428 F.3d 921 (10th Cir. 2005), 03-1492, American Soda, LLP v. U.S. Filter Wastewater Group, Inc.
|Citation:||428 F.3d 921|
|Party Name:||AMERICAN SODA, LLP, a Colorado corporation, Plaintiff-Appellee, v. U.S. FILTER WASTEWATER GROUP, INC., a Delaware corporation, Defendant-Appellant.|
|Case Date:||November 07, 2005|
|Court:||United States Courts of Appeals, Court of Appeals for the Tenth Circuit|
[Copyrighted Material Omitted]
APPEAL FROM THE UNITED STATES DISTRICT COURT FOR THE DISTRICT OF COLORADO, D.C. No. 03-MK-1579 (CBS)
Submitted on the briefs:we[*] Michael G. Bohn, Griffith A. Kundahl, and Bret M. Heidemann, Campbell, Bohn, Killin, Brittan & Ray, LLC, Denver, Colorado for Defendant-Appellant.
Lawrence R. Green, Balcomb & Green, P.C., Glenwood Springs, Colorado, for Plaintiff-Appellee.
Before KELLY, SEYMOUR, and MURPHY, Circuit Judges.
SEYMOUR, Circuit Judge.
Defendant U.S. Filter Wastewater Group, Inc. (U.S. Filter) appeals the district court's order remanding this breach of contract action to state court based on a mandatory forum selection clause in the parties' contract. U.S. Filter also appeals the district court's award of attorneys' fees and costs to plaintiff American Soda, LLP (American Soda). Because we agree with the district court that the parties' contract contained a mandatory forum selection clause designating Colorado state court as the exclusive forum for resolution of disputes arising out of their contract, we affirm the remand order. We also conclude this court lacks jurisdiction to review the district court's order concerning attorneys' fees.
In July 2003, American Soda, a mining company, filed a breach of contract action against U.S. Filter in the Garfield County District Court in Glenwood Springs, Colorado. American Soda alleges that U.S. Filter failed to perform under an April 13, 2001, contract pursuant to which U.S. Filter was to construct and integrate a Deca Crystallizer system into American Soda's processing facilities in Garfield County, Colorado. The purpose of the Deca Crystallizer was to enhance the production rate and product quality of American Soda's mining operations. U.S. Filter timely removed the action to the United States District Court for the District of Colorado based on diversity jurisdiction pursuant to 28 U.S.C. § 1332, §1441 and § 1446. On October 20, 2003, upon motion by American Soda, the district court remanded the case to state court, finding that U.S. Filter waived its right to remove by a mandatory forum selection clause in the parties' contract. The clause at issue is contained in paragraph 20.0 of Exhibit B to the parties' agreement. It provides:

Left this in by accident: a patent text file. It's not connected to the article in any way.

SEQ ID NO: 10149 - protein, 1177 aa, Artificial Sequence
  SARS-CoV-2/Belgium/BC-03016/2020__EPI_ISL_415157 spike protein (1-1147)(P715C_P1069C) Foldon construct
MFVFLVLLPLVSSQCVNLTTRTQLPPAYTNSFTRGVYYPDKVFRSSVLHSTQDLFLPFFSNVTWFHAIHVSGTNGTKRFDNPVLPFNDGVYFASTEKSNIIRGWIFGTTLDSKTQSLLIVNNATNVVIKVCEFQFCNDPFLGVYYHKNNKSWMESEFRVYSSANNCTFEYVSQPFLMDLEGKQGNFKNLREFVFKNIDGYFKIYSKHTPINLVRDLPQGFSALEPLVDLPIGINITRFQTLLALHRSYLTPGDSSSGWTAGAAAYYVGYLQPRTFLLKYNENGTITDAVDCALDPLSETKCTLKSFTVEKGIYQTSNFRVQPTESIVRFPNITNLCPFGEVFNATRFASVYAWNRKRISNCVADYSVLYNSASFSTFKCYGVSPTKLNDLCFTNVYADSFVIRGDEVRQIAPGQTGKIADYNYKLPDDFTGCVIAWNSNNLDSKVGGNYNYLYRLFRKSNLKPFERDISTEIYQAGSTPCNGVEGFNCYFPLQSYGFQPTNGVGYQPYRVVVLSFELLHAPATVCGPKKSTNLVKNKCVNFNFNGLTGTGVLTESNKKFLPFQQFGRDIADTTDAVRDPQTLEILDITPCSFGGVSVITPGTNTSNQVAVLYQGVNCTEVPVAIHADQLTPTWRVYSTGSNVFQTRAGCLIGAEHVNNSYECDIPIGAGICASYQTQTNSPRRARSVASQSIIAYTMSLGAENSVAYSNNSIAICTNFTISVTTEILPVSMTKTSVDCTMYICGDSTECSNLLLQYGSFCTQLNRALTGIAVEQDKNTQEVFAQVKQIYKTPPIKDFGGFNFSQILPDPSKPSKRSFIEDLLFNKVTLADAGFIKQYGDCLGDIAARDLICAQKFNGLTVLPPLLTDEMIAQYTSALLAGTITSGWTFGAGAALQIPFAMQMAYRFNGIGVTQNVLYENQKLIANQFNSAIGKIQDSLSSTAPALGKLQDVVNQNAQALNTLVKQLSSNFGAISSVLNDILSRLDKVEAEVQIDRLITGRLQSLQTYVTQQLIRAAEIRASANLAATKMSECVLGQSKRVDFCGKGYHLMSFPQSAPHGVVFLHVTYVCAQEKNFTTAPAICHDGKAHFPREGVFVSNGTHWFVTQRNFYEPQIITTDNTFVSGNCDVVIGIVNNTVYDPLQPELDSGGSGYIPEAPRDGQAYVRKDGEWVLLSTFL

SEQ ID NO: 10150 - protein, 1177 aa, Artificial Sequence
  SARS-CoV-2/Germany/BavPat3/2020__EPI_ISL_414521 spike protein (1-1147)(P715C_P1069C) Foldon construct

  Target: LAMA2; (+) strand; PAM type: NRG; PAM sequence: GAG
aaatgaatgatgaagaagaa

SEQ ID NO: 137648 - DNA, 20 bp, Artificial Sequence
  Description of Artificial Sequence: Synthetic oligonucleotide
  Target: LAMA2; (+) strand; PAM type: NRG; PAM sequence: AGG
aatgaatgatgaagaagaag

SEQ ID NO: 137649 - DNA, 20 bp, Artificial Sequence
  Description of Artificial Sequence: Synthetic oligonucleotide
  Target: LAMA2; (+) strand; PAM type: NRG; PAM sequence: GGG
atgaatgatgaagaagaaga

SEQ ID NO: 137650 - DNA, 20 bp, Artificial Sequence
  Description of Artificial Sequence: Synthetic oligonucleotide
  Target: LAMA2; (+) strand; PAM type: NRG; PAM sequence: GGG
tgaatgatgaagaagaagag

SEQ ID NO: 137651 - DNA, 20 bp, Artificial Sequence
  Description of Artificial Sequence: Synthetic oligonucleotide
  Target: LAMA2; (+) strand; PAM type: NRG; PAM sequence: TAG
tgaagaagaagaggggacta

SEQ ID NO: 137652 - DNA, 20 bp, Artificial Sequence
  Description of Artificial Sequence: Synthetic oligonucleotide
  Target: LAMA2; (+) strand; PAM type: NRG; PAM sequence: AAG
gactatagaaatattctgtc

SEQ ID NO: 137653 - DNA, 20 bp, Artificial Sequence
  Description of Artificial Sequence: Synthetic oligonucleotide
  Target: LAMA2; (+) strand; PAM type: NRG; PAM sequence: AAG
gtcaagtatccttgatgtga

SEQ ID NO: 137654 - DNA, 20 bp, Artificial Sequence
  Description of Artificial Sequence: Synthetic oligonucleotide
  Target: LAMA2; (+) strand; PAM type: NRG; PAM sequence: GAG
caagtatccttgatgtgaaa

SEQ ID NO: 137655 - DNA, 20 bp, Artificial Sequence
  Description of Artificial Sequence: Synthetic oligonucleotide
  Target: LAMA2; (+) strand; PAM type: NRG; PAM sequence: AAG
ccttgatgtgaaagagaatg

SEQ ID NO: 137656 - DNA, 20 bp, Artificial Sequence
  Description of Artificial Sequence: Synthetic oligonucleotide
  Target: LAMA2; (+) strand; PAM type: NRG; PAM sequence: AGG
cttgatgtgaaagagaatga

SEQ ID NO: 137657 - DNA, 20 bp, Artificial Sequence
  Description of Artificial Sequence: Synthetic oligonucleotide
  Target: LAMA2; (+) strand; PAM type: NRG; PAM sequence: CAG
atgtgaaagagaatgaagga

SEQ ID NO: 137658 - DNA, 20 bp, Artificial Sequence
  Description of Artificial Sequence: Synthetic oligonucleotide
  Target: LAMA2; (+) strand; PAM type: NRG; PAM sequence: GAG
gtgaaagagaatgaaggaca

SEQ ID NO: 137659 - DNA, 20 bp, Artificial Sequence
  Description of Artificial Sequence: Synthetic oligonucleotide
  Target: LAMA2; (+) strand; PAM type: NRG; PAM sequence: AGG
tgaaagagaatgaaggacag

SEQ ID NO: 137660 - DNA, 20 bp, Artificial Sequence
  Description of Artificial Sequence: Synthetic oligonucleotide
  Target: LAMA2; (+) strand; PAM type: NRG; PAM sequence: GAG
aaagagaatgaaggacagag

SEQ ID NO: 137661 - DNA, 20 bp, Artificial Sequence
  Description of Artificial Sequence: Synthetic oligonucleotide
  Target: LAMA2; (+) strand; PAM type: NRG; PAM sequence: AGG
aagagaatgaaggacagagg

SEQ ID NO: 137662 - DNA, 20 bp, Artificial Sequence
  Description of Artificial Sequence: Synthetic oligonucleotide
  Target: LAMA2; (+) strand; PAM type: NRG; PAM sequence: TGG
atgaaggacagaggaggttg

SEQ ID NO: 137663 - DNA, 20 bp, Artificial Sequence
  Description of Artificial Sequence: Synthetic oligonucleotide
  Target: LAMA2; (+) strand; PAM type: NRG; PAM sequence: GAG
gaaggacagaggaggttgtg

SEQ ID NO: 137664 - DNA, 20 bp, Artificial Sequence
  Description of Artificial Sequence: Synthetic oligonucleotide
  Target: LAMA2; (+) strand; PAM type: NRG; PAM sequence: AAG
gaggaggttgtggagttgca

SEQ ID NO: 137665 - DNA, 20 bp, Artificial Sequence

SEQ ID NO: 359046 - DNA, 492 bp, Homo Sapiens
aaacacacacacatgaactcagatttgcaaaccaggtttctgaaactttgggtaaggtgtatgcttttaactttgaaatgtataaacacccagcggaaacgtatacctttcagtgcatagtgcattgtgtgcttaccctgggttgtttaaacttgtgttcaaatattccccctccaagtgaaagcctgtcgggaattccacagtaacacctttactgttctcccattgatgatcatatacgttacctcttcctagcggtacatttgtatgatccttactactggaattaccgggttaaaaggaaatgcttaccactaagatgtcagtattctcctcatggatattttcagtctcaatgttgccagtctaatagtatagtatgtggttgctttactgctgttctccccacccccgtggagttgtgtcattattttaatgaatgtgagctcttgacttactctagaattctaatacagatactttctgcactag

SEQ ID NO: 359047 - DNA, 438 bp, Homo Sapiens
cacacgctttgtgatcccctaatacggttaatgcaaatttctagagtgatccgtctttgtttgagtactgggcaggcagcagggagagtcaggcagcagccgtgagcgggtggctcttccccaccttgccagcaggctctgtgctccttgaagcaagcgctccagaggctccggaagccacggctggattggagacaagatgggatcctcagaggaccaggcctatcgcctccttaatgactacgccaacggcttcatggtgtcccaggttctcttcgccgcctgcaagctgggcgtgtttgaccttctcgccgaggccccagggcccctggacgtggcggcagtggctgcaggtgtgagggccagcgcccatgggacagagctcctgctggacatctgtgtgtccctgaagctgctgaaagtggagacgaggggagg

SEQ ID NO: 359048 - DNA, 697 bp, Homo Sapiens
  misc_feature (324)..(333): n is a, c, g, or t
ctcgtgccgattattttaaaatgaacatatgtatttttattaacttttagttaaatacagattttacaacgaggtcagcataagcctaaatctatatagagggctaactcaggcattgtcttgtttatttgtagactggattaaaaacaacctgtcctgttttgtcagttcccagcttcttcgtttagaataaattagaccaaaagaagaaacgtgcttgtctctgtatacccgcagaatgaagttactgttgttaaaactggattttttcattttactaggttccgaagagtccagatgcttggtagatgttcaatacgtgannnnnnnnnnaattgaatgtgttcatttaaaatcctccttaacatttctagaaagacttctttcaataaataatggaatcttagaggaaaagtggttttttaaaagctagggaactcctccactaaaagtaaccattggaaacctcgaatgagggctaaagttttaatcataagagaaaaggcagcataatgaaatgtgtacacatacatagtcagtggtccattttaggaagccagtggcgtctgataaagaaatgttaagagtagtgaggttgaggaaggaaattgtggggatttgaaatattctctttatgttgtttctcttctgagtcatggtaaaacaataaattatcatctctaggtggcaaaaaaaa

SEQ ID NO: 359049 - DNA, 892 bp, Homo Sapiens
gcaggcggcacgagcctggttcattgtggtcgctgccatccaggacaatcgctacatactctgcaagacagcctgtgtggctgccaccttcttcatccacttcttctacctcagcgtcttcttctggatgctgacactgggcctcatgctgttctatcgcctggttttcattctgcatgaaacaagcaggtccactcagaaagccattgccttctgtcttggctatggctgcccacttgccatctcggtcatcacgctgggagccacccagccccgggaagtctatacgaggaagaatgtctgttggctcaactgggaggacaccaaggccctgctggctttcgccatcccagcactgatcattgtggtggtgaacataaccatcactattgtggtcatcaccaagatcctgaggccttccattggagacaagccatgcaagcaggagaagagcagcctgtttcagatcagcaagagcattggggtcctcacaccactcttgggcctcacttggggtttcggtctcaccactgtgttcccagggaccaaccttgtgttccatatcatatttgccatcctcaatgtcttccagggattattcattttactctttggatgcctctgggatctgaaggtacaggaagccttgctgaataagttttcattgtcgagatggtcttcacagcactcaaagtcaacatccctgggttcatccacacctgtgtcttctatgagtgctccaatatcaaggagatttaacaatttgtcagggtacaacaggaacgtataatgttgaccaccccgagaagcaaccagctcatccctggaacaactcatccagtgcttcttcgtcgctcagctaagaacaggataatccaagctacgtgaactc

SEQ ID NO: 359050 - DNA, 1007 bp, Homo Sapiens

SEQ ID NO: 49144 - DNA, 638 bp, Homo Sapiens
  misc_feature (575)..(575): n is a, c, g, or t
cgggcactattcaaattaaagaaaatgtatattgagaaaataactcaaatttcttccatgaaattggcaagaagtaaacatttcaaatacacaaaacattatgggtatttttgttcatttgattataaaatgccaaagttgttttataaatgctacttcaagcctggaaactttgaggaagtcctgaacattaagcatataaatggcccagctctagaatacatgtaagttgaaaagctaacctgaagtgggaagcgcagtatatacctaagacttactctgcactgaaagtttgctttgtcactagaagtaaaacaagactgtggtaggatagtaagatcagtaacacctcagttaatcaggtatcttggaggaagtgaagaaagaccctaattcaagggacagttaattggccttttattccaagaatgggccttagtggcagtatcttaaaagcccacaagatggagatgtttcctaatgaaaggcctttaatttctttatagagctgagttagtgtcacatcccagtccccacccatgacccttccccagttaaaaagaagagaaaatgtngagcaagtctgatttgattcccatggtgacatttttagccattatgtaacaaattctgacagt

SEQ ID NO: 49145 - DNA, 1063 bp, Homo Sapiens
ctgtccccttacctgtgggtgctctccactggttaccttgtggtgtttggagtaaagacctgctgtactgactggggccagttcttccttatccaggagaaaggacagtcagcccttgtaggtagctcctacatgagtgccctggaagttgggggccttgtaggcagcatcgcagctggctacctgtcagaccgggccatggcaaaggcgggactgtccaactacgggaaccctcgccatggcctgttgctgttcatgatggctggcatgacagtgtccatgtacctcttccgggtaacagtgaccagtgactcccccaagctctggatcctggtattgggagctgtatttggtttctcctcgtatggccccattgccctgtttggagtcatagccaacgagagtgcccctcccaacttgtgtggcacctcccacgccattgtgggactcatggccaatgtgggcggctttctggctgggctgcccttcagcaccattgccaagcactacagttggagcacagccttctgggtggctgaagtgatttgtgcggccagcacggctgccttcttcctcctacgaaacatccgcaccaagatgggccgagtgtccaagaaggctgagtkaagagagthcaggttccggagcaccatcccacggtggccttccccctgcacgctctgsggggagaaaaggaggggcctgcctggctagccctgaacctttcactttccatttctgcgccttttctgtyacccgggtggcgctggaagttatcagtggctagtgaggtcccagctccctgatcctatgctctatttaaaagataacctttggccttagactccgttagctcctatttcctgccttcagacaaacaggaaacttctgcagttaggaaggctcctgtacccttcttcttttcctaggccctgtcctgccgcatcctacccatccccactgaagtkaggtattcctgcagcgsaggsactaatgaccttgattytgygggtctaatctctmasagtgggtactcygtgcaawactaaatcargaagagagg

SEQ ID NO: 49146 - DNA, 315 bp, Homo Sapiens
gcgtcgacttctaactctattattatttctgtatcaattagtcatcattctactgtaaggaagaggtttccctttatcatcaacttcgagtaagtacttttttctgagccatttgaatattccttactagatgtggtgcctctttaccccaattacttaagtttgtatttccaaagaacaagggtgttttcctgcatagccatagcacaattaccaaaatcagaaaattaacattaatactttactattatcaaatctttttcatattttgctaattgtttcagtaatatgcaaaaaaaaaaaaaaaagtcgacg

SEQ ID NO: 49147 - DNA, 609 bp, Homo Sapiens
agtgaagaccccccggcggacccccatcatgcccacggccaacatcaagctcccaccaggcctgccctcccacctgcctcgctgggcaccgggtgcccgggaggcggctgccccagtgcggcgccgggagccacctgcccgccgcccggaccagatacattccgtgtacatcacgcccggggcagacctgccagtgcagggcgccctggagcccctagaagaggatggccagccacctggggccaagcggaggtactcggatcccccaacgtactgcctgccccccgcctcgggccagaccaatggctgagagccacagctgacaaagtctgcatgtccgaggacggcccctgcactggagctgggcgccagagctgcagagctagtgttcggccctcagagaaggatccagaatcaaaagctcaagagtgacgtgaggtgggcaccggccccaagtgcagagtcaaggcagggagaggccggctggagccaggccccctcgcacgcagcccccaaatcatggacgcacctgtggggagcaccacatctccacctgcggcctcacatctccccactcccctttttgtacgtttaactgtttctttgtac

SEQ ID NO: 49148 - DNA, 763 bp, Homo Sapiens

Both Contractor and Company hereby submit to the jurisdiction of the Courts of the State of Colorado and agree that the Courts of the State of Colorado/Arbitrator shall be the exclusive forum for the resolution of any disputes related to or arising out of this Term Agreement.
Aplt. App. at 59.
The district court held that by using this language the parties unequivocally and exclusively designated any court of the State of Colorado for the resolution of disputes arising out of the contract and that the United States District Court was not a court of the State of Colorado. The court further held that enforcement of the forum selection clause was not unreasonable under the circumstances. Accordingly, the district court concluded that remand was proper.
In addition, pursuant to 28 U.S.C. §1447(c), the court ordered U.S. Filter to pay all costs and attorneys' fees incurred by American Soda in connection with the removal. Thereafter, American Soda filed an attorneys' fees affidavit. However, to date, the district court has not fixed the amount of attorneys' fees and costs to be awarded.
On December 2, 2003, we issued an order directing the parties to show cause why this appeal should not be dismissed for lack of appellate jurisdiction. Following briefing, we reserved judgment on the issues of whether the district court's remand order is appealable and whether the award of attorneys' fees and costs is appealable where no amount certain has been determined by the district court. We now hold that the remand order is appealable, but that the portion of the district court's order regarding attorneys' fees and costs is not.
As we have previously stated, the threshold question in an appeal of a remand order is whether the district court's decision is reviewable notwithstanding the proscription set forth in 28 U.S.C. § 1447(d). SBKC Serv. Corp. v. 1111 Prospect Partners, L.P., 105 F.3d 578, 580 (10th Cir.1997). Section 1447(d) Section 1447(d) provides that "[a]n...
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